Let Them Eat – The Case for Phosphate Mining – by Brian Ostroff (ResourceInvestor.com – May 8, 2012)


I will be attending the Hard Asset Conference in New York a little later this month where I am sure the topic of gold will be hotly debated.  For one, I believe that gold is relatively cheap and will make its way considerably higher.  As for gold equities, they are trading at valuations only seen once in the last thirty plus years and despite all those who argue that gold ETFs have killed gold stock investment, I would not be too quick to count these stocks out.
With that said, I would like to talk about a more important commodity for mankind.  Yes, gold is important for those who are concerned about purchasing power, currency devaluation and a general hedge against economic and political uncertainty but when push comes to shove, could anyone really argue that anything is more important than food?
All food is grown (crops, fruits, vegetables, etc.) or comes from animals that themselves survive on things that are grown and, in order to grow things, we need fertilizer.  Fertilizer in comprised of nitrogen, potash and phosphate and whether you realize it or not, North America has a problem when it comes to phosphate because North America is not self-reliant. 

Canada has only one operating phosphate mine (Agrium’s Kapuskasing Mine) which is scheduled to close within a year and Florida’s operations have had issues mostly brought on by environmental concerns.  The result is that North America’s deficit will continue to grow adding to our reliance on foreign countries to offset this shortage.
Many people understand the importance of Saudi Arabia when it comes to oil as it represents roughly 10% of the world’s supply.  When it comes to phosphate, Morocco makes up 35% of the world’s export market, making it 3.5 times more important when it comes to fertilizer and thus food.  Other North African and Middle East countries are significant producers as well and, with last year’s “Arab Spring” uprisings, North Americans better pay attention.  Imagine, if you will, what a supply disruption would mean to phosphate supply around the world and, especially North America where currently 100% of our deficit is supplied by this region.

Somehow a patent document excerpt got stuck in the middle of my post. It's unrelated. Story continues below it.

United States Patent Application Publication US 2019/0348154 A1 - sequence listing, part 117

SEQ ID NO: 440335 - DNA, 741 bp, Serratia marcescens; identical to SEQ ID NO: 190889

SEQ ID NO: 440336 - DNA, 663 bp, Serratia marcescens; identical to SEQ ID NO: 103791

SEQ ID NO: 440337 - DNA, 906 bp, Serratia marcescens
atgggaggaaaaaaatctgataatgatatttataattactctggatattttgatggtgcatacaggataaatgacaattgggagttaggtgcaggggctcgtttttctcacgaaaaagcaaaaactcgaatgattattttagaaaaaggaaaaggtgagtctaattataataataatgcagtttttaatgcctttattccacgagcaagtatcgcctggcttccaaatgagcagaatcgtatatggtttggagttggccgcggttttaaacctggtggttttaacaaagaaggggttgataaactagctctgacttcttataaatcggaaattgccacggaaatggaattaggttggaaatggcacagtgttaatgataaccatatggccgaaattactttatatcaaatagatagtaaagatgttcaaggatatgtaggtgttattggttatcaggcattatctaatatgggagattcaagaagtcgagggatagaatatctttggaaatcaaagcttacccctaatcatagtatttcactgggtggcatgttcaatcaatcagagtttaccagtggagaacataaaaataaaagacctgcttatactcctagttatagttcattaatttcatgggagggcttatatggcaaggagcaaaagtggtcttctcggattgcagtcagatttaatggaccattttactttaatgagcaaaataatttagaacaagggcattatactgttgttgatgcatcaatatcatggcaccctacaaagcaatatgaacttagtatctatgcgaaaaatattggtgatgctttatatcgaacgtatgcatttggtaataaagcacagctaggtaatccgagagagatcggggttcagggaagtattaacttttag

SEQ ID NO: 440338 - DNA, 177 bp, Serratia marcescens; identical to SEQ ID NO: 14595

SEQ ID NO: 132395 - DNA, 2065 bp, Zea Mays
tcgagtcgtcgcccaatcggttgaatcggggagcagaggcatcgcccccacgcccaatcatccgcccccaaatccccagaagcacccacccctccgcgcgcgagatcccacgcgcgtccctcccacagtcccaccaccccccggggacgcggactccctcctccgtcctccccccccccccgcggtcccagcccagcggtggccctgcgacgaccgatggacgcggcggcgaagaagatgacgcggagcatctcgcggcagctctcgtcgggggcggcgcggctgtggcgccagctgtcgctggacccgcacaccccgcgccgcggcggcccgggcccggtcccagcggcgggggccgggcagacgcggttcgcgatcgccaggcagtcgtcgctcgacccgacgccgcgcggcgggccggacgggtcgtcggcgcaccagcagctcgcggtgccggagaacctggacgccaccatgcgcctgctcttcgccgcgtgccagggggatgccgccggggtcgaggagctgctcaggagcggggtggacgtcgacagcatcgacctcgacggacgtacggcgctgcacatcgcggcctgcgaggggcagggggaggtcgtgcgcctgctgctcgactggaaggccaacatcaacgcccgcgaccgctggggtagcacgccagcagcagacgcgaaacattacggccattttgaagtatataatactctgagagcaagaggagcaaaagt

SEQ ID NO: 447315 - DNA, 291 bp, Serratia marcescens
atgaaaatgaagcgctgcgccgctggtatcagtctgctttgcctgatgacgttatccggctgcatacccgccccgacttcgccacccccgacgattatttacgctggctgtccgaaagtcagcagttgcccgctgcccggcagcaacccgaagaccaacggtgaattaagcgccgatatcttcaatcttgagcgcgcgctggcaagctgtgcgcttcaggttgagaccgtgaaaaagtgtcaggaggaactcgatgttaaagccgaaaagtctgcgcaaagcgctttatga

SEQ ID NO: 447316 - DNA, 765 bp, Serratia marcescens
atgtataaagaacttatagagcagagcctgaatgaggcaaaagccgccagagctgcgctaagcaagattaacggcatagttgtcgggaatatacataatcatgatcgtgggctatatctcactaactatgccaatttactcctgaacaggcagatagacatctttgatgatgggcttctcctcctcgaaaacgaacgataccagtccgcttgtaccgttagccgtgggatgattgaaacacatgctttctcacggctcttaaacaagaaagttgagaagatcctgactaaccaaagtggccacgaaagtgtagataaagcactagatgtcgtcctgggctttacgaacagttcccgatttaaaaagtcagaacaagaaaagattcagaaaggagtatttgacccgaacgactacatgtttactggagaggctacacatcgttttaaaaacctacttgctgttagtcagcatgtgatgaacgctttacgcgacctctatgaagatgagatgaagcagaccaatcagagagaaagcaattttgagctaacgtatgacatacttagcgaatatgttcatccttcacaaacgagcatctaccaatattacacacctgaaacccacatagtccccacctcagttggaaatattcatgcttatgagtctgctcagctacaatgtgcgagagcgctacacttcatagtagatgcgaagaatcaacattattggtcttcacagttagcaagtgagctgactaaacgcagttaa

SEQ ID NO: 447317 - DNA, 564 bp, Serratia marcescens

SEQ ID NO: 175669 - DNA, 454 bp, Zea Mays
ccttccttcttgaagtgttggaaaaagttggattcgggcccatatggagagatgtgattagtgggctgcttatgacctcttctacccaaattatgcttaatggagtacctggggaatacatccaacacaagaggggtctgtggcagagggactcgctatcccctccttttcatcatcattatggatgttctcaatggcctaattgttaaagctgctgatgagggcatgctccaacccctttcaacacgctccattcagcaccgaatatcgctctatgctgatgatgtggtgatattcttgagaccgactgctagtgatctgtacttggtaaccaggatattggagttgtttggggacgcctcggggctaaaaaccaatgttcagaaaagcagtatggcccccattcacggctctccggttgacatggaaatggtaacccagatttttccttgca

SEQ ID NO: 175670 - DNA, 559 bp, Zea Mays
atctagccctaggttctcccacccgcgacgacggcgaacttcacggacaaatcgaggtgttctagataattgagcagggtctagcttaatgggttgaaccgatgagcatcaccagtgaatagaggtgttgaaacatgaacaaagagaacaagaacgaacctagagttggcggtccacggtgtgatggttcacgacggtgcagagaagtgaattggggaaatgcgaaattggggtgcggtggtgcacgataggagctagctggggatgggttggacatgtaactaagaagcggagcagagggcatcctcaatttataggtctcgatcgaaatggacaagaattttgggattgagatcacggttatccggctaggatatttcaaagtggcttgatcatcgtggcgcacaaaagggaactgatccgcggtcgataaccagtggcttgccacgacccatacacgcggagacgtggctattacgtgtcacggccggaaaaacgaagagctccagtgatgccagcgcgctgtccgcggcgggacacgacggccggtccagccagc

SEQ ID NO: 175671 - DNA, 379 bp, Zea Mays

Agrium has already announced that its current plan to make up its deficit caused by the Kapuskasing closure will be to get additional supply from Morocco.  North America is not alone in its predicament as growing economies also struggle with mounting populations and an increasing desire for higher protein diets.  India is currently the world’s largest importer of phosphate; importing roughly 8 million tons a year.  Fortunately, China which is a large producer of phosphate is self sufficient but large export taxes keep their supply from the global market.
All of this has resulted in gradually higher prices, and although the phosphate market is generally a contract market, the closest thing to a “benchmark” would be Moroccan FOB which currently sits at roughly $200/ton.  I say the “closest” because unlike gold or copper, phosphate can differ greatly depending on where it comes from and the nature of the deposit.  While Moroccan phosphate trades at $200/ton, higher grade phosphate from some Russian deposits can fetch considerably more.  Lastly, like other industrial commodities, issues such as transportation are considerable factors.

For the rest of this article, please go to the ResourceInvestor.com website: http://www.resourceinvestor.com/2012/05/08/let-them-eat-the-case-for-phosphate-mining?utm_source=DailyENL&utm_medium=eNL&utm_campaign=RI_eNL&_LID=36960352